I was incredulous reading Constance Newman's comments regarding the threat of furloughs for the federal work force {Federal Page, Sept. 5}. She said, "it is not as much a morale problem as anxiety people have about how they're going to meet their {financial} obligations."

The Office of Personnel Management director's casual dismissal of the effect furloughs would have on the mood of the work force is dangerously misinformed. Perhaps she should survey some of those whose lives would actually be affected by this scheme, rather than the political appointees and Senior Executive Service personnel in her immediate office. As a federal worker, I am shocked and outraged that the Bush administration and Congress might allow government-wide furloughs, much less welcome them as a "healthy exercise," as Constance Newman suggests.

The irony of the threatened furloughs coming in the same year that the Senior Executive Service pay is scheduled to rise 25 percent to 30 percent has not been lost on me or my colleagues. It seems the gap between private- and public-sector compensation for the average worker is unlikely to be bridged. While the balance between efficiency and equity must arguably be maintained in the private sector, I do not understand the wisdom of enriching the few at the expense of the many within the federal government itself.

I would be willing to sacrifice my job as a consequence of a wholesale reform of the federal bureaucracy that would reduce some of the bloat and inefficiency. But the current exercise gives the image of an individual who, when seized with the desire to lose 80 pounds, decides to amputate a leg rather than develop the self-discipline necessary to reduce his intake. Such desperately short-sighted thinking should neither be championed by the director of OPM nor should it be sanctioned by Congress and the White House. PAUL LANGHOLT Arlington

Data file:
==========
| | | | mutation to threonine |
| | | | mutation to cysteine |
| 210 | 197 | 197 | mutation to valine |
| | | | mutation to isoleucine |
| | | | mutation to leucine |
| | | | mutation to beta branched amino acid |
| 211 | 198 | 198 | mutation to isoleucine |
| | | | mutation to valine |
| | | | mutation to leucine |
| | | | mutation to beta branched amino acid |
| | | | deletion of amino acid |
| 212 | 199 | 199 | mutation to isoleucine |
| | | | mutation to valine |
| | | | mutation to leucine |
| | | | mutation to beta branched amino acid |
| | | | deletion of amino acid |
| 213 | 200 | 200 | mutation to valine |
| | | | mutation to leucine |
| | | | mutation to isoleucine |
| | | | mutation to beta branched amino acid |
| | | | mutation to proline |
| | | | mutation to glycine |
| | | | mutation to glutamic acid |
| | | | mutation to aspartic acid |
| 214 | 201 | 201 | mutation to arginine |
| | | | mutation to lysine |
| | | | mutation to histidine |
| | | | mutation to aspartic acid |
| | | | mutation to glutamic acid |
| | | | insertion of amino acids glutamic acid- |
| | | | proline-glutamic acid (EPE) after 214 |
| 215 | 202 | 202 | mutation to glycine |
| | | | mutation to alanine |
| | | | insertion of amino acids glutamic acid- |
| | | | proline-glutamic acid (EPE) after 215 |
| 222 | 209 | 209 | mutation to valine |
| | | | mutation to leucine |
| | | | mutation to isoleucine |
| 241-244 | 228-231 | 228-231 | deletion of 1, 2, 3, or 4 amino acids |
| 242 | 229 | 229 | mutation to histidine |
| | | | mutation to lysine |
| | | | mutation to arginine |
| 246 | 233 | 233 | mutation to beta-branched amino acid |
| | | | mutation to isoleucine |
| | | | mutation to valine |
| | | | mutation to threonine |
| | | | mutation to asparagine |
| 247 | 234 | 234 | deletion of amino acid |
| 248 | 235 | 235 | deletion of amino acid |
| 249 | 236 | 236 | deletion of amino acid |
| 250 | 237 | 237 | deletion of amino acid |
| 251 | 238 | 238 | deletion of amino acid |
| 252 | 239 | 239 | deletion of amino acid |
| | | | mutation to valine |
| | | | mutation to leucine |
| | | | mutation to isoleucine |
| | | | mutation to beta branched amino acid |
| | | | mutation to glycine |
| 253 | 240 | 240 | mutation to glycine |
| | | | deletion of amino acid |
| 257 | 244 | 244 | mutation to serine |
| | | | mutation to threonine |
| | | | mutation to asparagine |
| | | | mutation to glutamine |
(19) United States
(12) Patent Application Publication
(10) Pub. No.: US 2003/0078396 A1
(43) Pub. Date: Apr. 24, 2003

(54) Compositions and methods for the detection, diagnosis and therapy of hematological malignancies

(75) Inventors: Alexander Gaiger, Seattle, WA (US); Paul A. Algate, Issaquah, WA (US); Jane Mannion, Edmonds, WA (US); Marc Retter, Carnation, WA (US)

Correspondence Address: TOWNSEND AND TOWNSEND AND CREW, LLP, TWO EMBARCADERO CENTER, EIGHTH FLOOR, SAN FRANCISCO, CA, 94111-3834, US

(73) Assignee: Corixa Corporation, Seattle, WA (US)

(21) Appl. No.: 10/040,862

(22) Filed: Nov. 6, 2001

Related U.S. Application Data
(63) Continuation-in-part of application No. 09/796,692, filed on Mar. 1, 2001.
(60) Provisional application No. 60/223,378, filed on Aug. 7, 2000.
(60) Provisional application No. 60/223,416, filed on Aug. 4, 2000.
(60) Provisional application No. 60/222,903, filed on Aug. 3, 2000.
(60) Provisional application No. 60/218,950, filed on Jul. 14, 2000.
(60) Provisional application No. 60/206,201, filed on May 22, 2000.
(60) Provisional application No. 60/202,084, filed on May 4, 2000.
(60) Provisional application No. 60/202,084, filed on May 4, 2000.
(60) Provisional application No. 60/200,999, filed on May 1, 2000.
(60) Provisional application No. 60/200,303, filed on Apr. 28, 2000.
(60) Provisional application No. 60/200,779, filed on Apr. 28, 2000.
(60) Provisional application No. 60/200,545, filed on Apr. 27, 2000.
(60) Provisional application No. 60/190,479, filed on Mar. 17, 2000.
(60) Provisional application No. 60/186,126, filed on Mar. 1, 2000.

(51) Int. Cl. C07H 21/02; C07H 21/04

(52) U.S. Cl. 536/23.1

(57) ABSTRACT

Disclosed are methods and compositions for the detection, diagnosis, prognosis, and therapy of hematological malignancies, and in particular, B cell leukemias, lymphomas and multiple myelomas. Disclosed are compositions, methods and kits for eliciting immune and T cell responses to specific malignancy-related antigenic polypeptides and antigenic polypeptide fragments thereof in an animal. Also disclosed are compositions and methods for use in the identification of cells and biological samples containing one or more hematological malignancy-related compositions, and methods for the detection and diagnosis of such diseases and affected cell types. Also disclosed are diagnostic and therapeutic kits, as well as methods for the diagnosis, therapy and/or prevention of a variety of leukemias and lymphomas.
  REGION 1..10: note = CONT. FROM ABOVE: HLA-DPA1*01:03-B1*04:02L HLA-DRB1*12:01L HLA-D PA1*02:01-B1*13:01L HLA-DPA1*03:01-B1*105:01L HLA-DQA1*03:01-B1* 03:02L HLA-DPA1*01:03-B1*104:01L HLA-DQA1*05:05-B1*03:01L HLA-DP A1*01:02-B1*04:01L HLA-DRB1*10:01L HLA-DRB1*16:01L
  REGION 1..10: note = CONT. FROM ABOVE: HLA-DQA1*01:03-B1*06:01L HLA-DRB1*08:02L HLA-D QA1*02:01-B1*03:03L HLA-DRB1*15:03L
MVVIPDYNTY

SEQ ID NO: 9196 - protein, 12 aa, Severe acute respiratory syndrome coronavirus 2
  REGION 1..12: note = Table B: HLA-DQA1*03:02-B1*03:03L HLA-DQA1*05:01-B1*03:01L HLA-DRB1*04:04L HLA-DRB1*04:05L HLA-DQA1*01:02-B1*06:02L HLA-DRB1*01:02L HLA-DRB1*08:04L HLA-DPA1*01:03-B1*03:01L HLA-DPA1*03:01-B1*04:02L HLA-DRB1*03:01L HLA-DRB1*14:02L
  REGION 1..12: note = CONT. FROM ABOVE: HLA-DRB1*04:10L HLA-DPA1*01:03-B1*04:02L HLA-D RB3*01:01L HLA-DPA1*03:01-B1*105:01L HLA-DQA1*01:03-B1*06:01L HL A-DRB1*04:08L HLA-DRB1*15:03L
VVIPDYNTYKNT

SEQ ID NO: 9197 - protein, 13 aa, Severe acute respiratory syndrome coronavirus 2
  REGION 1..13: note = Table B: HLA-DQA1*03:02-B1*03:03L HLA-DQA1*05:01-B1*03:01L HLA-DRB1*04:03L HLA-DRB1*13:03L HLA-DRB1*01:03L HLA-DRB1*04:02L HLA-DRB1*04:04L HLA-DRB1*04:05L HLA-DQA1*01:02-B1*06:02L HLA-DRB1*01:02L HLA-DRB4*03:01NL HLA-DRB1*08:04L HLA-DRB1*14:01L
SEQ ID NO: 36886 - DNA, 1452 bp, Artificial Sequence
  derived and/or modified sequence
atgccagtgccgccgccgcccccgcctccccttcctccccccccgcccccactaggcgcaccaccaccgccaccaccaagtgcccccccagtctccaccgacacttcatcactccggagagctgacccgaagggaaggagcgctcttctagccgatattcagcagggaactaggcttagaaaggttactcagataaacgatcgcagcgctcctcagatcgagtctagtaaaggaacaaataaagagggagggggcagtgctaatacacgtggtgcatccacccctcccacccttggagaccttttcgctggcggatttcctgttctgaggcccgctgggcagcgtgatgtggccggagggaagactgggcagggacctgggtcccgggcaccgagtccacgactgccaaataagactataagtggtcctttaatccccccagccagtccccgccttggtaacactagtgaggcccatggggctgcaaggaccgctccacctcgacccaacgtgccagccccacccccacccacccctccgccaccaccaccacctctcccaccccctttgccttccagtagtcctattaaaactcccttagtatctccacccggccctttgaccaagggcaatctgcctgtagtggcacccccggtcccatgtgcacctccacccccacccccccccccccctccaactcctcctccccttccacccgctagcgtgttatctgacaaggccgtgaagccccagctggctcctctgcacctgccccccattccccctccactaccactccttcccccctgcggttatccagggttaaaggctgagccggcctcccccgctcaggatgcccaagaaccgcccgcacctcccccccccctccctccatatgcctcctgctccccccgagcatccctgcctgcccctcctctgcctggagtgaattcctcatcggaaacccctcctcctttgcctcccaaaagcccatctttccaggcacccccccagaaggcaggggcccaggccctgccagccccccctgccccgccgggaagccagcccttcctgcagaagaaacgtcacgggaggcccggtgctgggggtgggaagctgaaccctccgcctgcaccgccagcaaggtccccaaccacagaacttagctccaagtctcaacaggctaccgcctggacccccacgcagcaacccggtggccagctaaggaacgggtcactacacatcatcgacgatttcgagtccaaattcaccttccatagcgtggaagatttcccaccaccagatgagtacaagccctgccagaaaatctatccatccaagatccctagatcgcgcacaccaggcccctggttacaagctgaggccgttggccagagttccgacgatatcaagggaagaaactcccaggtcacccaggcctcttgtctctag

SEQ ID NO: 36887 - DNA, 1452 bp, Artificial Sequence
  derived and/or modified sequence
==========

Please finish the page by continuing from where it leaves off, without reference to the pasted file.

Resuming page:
As Mike Causey put it in his Federal Diary {Metro, Aug. 30}, federal employees are once again being used as "hostages in the annual game of budget chicken" between Congress and the White House. The day his article appeared, I also read a column in Federal Computer Week stating that OPM was trying to upgrade the image of federal employees to attract the "best and brightest" to government service.

Well, an upgraded image may be nice, but it won't pay the bills. Most employees can't afford the pay cut that would result if furloughs took place. How many of the future "best and brightest" will want to work for an employer who in some years might grant a whopping 4 percent cost-of-living raise but in other years, depending on politics, can either forgo a raise or, as in this year, propose to decrease salaries?

If politics continue to determine federal workers' salaries, the government should forget about trying to attract the "best and brightest." It should just hope that it can hire people who can remember which days they are supposed to work and which days they are on furlough. After all, you get what you pay for. C. L. CENNAME Derwood